As mortgage brokers gear up to compete for a shrinking originations market, sales leads could become an increasingly valuable commodity.

That’s the thinking behind ROOT Exchange, which bills itself as a place where people who have leads to sell can auction them off to the highest bidder.

As mortgage brokers gear up to compete for a shrinking originations market, sales leads could become an increasingly valuable commodity.

That’s the thinking behind ROOT Exchange, which bills itself as a place where people who have leads to sell can auction them off to the highest bidder.

ROOT Exchange claims to be a neutral third party, charging both buyers and sellers for the convenience of doing business in an online setting that allows the market to determine a fair price.

“We’re not buying (leads) cheap and selling to another — just connecting buyers and sellers,” said ROOT Exchange founder and CEO Seth Goldstein.

On ROOT Exchange, “everybody has access to the same information,” he said. “You can place bids and (asking prices) and, over time, as more buyers and sellers come on the platform, you get better and better pricing data.”

Without an exchange where pricing information is transparent, buying and selling sales leads can be a game of hustle and bluff.

ROOT Exchange “hollows out the middle” Goldstein said. “It’s a more cost-effective platform, so you don’t have 50 brokers calling Wells Fargo pretending they have better leads than their competitors.”

But while ROOT Exchange pitches itself as a sort of new New York Stock Exchange or Chicago Board of Trade for leads, leads are mere parcels of information that have little in common with stocks, bonds and commodities.

For one thing, leads lose value each time they are bought and sold. The goal of the buyer is to convert a lead into a sale. Once a lead has been converted, it isn’t worth much to anyone selling the same product. And if a buyer can’t convert a lead into a sale, it could mean the lead is not a solid one.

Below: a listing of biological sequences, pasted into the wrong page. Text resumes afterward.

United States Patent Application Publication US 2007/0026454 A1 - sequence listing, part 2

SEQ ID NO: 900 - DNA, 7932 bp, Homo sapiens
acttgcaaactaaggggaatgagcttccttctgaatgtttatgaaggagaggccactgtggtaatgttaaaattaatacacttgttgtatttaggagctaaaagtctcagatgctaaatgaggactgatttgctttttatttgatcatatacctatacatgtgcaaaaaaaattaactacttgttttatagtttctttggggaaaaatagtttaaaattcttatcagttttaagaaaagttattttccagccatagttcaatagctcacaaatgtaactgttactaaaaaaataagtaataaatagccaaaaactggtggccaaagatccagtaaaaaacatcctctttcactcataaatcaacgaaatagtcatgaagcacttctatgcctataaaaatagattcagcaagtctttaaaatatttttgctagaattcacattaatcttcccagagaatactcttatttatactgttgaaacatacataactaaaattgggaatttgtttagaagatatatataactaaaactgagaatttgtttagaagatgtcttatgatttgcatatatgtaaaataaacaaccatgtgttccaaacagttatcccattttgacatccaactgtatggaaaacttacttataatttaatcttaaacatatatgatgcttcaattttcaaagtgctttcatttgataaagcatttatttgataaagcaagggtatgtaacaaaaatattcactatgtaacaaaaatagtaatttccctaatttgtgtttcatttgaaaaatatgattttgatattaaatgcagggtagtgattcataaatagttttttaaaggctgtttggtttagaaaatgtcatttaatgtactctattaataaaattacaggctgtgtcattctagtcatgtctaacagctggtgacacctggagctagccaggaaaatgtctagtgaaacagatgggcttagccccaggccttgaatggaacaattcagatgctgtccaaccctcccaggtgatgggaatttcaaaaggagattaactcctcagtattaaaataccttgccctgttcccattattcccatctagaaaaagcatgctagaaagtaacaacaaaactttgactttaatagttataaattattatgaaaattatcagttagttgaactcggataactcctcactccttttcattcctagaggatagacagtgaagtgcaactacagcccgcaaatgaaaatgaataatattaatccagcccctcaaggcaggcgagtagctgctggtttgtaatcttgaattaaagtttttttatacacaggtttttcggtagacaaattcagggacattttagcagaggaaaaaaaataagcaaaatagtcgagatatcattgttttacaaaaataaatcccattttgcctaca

Consultant Steve Kropper said Web-generated leads are often harder to convert than traditional leads. But sites that get applicants to fill out long forms or use analytics running in the background do better at determining who is a good lead.

“Traditional leads usually convert at double-digit rates, and Web leads typically convert at single-digit rates,” said Kropper, the president of Bank on Real Estate. “Most lenders consider Web leads to be crummy.”

Kropper said the key to converting leads is “incubation” — staying in contact with leads until they are ready to make a deal, while keeping them “leaking” to competing lenders.

“Incubation is important because only 20 percent of leads are ready to transact in the next 30 days,” Kropper said.

To help buyers assess the quality of a lead, ROOT Exchange tracks how long a lead has been in the system and how many times its been sold. The company doesn’t allow leads that are more than 24 hours old, and limits the number of times a lead can be sold to four, Goldstein said. ROOT Exchange also contracts with a third party, TARGUSinfo, to validate and verify leads, and is in the process of establishing a quality index for leads that’s similar to bond ratings, he said.

Buyers can shop by region, and also get information that is self-reported by loan applicants — including credit rating, current mortgage balance, and type of loan desired — that can affect the value of the lead. Although the chance a lead will convert is a big factor in determining its price, leads with the potential for higher profits, such as customer seeking a variable interest refinance loan, can also sell for a premium.

Another way that ROOT Exchange differs from a stock exchange is that its owner, ROOT Markets Inc., is already helping “publishers” — media companies like the New York Times, Forbes and USA Today — turn Web site visitors into sales leads. Consumers are invited to enter personal information into forms that publishers can sell on ROOT Exchange.

The New York Times is an investor in ROOT Markets. But any company that generates mortgage leads can use ROOT Exchange, Goldstein said, including aggregators like Bankrate, LowerMyBills, Adteractive and LendingTree. All buyers and sellers are required to sign terms intended to protect all users from misuse of data.

Goldstein wouldn’t say how many companies are using ROOT Exchange or how many trades are conducted, but said the company bought a similar established venture, Lead Filter, last year and have “significantly scaled” the volume of business.

Although the mortgage industry is the first “vertical” ROOT Exchange has taken on, it’s already moving into trades of sales leads for car loans and consumer credit, Goldstein said.

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